Our study also established the higher adoption potential of the new resilient varieties. The new varieties were also significantly disseminated and adopted in the subsequent years after their introduction through on-farm trials. This can be credited to the superior performance of the varieties but also indicate how the learnings and awareness have not been limited to only the host farmers who participated in the on-farm trials.
The multiple PRA events organized in the same villages affirmed the rapid dissemination of farm-saved seeds through a community network and the adoption of the varieties by neighbor farmers. The adoption rate varied from 15% to 96%, with the average adoption rate of BRRI dhan51, BRRI dhan52, and BRRI dhan71 being 29.13%, 28.83%, and 76%, respectively.
Since the adoption rate in our study was also highly satisfactory within the participating villages, it is recommended to promote these varieties on a large scale with assured availability and supply of good-quality labeled seeds through public and private extension and delivery networks. The adoption of stress-tolerant versions of popular rice cultivars can enable farming communities to mitigate the current and future challenges of recurrent flooding and drought in Bangladesh.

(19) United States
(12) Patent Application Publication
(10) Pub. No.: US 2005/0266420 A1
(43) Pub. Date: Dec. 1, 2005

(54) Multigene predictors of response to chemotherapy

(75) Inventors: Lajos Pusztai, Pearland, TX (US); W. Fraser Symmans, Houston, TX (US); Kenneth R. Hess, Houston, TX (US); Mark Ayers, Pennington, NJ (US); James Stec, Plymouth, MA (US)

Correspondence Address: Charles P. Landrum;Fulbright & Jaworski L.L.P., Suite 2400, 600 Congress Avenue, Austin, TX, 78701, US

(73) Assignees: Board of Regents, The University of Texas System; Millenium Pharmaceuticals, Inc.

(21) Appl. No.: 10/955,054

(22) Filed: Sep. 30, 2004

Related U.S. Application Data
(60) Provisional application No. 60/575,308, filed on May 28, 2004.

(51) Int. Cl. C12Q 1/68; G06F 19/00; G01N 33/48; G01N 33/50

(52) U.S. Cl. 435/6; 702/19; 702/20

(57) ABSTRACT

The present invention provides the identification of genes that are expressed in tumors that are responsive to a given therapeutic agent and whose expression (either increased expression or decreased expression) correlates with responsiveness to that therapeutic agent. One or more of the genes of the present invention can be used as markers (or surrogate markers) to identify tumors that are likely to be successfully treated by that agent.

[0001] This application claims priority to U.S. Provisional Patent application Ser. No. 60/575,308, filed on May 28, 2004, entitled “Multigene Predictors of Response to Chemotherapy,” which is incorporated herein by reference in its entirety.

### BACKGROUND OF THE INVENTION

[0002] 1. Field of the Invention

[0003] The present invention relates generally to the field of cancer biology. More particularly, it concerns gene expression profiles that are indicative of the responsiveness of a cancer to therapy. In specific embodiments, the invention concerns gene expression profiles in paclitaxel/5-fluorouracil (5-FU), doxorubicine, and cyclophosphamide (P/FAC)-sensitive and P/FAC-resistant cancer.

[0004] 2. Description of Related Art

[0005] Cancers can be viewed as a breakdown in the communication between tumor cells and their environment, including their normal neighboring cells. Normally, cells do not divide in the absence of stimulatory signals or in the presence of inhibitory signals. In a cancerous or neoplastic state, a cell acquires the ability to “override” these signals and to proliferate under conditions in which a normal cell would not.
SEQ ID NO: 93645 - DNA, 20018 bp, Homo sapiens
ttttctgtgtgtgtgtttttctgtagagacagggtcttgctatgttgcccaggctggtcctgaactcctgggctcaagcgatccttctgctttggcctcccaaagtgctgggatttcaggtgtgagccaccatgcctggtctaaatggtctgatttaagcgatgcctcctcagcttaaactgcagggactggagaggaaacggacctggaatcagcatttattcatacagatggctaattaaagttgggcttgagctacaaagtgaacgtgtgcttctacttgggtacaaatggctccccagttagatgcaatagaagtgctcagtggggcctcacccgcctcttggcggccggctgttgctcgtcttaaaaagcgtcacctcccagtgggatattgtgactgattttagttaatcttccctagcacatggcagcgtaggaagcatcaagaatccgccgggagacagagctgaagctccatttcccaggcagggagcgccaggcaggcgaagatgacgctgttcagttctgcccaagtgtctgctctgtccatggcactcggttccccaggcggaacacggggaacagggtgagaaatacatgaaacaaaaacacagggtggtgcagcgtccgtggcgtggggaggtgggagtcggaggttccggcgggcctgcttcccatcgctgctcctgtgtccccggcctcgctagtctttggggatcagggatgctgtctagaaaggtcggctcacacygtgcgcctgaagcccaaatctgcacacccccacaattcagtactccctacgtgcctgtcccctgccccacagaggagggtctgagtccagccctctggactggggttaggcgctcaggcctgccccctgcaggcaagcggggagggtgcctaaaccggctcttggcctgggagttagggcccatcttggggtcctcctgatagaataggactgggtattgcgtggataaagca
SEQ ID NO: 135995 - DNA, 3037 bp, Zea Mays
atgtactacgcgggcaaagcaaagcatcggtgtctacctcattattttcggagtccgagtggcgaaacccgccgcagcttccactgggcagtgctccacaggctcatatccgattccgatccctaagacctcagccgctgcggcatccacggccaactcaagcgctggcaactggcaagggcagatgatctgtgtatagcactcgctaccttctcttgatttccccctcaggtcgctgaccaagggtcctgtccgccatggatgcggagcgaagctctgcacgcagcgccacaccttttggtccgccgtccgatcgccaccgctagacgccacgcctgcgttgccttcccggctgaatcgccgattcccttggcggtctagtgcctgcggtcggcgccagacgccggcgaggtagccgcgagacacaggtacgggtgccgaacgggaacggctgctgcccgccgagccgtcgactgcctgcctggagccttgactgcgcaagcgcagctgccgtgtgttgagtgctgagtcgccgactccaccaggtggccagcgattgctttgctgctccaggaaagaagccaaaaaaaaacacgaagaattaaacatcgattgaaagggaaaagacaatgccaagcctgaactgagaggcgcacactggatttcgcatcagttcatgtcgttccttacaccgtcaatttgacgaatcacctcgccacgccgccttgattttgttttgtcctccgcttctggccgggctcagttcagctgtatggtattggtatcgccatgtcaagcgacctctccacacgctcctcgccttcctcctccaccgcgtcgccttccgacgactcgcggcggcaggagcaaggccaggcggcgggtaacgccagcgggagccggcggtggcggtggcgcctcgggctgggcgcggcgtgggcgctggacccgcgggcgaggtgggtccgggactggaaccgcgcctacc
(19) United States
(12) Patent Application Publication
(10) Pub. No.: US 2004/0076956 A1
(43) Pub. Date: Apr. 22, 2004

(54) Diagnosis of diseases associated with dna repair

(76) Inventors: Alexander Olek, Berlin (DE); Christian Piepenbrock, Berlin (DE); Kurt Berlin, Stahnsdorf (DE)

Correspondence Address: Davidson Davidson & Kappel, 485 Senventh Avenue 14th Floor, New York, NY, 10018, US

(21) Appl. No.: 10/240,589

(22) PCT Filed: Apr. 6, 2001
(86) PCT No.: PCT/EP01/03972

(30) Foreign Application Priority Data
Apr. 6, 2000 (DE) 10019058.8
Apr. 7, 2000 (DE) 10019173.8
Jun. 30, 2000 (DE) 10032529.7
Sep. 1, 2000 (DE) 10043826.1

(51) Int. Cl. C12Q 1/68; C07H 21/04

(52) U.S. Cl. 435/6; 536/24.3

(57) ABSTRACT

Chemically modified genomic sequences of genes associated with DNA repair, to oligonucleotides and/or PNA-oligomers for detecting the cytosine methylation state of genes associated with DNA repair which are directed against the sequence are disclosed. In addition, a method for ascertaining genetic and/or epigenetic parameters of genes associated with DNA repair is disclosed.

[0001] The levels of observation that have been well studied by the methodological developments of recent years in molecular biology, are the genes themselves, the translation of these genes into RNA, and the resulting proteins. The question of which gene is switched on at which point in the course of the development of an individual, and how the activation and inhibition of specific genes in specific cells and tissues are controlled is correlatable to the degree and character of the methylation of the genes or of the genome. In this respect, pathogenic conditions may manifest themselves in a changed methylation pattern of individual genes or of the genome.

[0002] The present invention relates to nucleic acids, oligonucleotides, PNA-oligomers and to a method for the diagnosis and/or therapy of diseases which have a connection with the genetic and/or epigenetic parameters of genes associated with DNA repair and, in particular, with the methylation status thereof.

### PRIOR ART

This remains critical to maintaining and increasing the rice production rate of the country to match the demand of the growing population. Therefore, it is imperative to appropriately position these climate-resilient or stress-tolerant varieties against the popular non-stress-tolerant varieties.
This also calls for targeted public-private community partnerships in seed systems to accelerate the supply of early-generation as well as commercial and good-quality seed for faster varietal turnover.
Read the study:
Nayak S, Habib MA, Das K, Islam S, Hossain SM, Karmakar B, Fritsche Neto R, Bhosale S, Bhardwaj H, Singh S, Islam MR, Singh VK, Kohli A, Singh US, Hassan L. (2022) Adoption trend of climate-resilient rice varieties in Bangladesh. Sustainability 14, 5156.